Low stock as we come out of Winter meaning firming prices; leading into more stock and a building market (volume wise) come footy finals time encouraging a possible oversupply and easing of prices later in the year.

Not all of the market has been asleep in July, well not for us anyway, please read below Inside James, which has a focus on Off Markets.

Part One of our Three Part Series on Off Markets begins today.

74 Bridport St Albert Park passed in $2,800,000 on a lone Vendor Bid

74 Bridport St Albert Park passed in $2,800,000 on a lone Vendor Bid

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Malvern, 17 McKinley Avenue (Andrew Hayne) – Under the hammer $4,980,000, 5 bidders

Kew, 34 Alfred Street (Scott Patterson) – Under the Hammer $3,065,000, 3 bidders

Malvern, 36 Hunter Street (Andrew James) – Under the Hammer $2,520,000, 5 bidders

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Black Rock, 6B Glenmore Crescent (Mark Earle) – Under the Hammer $1,620,000, 5 bidders

Malvern East, 13 Clarence Street (Marcus Chiminello) – Under the Hammer $2,490,000, 4 bidders

St Kilda East, 3 Murchison Street (Matthew Young) – Under the Hammer $1,365,000, 4 bidders

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Albert Park, 74 Bridport Street (Arthur Apostoleros) – Passed In $2,800,000, 0 bidders

Toorak, 1A Cloverdale Avenue (Anthony Grimwade) – Passed In $2,700,000, 1 bidder

Hawthorn East, 90 Harcourt Street (Maurice DiMarzio) – Passed In $2,200,000, 2 bidders

Volcano at 6B Glenmore Crescent Black Rock with Mark Earle at $1,620,000 -  5 Bidders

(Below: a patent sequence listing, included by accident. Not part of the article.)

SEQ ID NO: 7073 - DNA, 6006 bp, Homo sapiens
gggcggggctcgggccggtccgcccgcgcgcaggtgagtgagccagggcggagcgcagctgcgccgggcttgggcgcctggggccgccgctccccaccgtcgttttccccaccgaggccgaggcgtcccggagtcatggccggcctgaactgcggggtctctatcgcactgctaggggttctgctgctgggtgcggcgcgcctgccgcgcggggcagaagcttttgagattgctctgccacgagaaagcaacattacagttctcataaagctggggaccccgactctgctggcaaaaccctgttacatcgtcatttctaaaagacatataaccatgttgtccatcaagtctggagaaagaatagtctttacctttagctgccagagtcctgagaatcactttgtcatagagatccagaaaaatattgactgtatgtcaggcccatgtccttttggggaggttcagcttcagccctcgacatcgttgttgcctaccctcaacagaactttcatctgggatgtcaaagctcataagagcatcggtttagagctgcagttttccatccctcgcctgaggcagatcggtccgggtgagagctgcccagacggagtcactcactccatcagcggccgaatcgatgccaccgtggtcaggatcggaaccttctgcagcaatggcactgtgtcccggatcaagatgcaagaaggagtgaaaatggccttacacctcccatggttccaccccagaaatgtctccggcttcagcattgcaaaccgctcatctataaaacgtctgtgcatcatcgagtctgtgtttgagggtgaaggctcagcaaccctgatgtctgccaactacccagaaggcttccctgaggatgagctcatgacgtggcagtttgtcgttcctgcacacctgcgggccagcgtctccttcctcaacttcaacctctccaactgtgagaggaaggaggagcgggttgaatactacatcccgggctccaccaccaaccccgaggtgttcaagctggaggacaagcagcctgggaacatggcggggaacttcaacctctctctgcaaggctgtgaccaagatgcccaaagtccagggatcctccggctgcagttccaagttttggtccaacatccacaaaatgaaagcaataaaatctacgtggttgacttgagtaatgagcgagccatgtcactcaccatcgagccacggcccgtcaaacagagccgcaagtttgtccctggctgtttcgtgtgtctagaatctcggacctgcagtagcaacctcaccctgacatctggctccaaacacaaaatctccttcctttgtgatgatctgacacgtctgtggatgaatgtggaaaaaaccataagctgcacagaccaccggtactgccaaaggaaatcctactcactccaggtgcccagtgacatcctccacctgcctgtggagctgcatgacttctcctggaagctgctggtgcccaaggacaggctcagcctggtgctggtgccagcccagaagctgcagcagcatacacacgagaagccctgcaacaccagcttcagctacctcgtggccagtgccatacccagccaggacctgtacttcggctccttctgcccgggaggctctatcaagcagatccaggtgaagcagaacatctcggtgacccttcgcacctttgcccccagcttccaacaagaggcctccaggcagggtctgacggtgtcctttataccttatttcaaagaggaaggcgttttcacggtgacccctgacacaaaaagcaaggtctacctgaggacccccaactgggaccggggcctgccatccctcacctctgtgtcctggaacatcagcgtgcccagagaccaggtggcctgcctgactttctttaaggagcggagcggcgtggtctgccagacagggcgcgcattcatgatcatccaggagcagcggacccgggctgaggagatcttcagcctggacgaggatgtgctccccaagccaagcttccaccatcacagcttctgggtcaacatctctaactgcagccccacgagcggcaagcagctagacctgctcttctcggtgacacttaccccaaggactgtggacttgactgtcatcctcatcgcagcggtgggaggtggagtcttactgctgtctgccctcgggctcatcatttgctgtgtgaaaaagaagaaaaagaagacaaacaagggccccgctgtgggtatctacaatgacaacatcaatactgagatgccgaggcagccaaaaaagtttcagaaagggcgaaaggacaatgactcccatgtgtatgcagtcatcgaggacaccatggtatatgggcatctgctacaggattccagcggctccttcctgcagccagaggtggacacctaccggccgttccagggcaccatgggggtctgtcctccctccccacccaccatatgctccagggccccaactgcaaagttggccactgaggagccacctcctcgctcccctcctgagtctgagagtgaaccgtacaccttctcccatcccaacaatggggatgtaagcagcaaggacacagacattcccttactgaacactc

Volcano at 6B Glenmore Crescent Black Rock with Mark Earle at $1,620,000 – 5 Bidders

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July is normally a quiet time for most (auctions wise) and especially at our company – we encourage some time away to recharge the batteries.

However we still completed a number of transactions at all price segment levels and almost all were OFF MARKETS.

What we thought maybe of interest to readers, is to combine some of the off markets we bought in July into one scenario and highlight some key points for OFF MARKET buyers.

In our three part series on OFF MARKETS beginning today, we have combined real life concepts from each of the three price segments we bought in – in July 2016.

Top Top End – specifically $10m plus using one example we bought through Ross Savas and Jeremy Fox of and RT Edgar.

Middle Top End – specifically the $4m to $7m market using one example we bought through Jock Langley of Abercrombys.

Lower Top End – specifically $1m-$2m using one example we bought through Adam Cashmore of Jellis Craig.

Off Markets

In the beginning:

So you’ve heard about a whisper, a rumour, on the quiet just for you – nobody else knows and its come straight from your new “bestest” friend. Two of the above off markets started exactly like that for us, which we took to the client and one our client brought to us.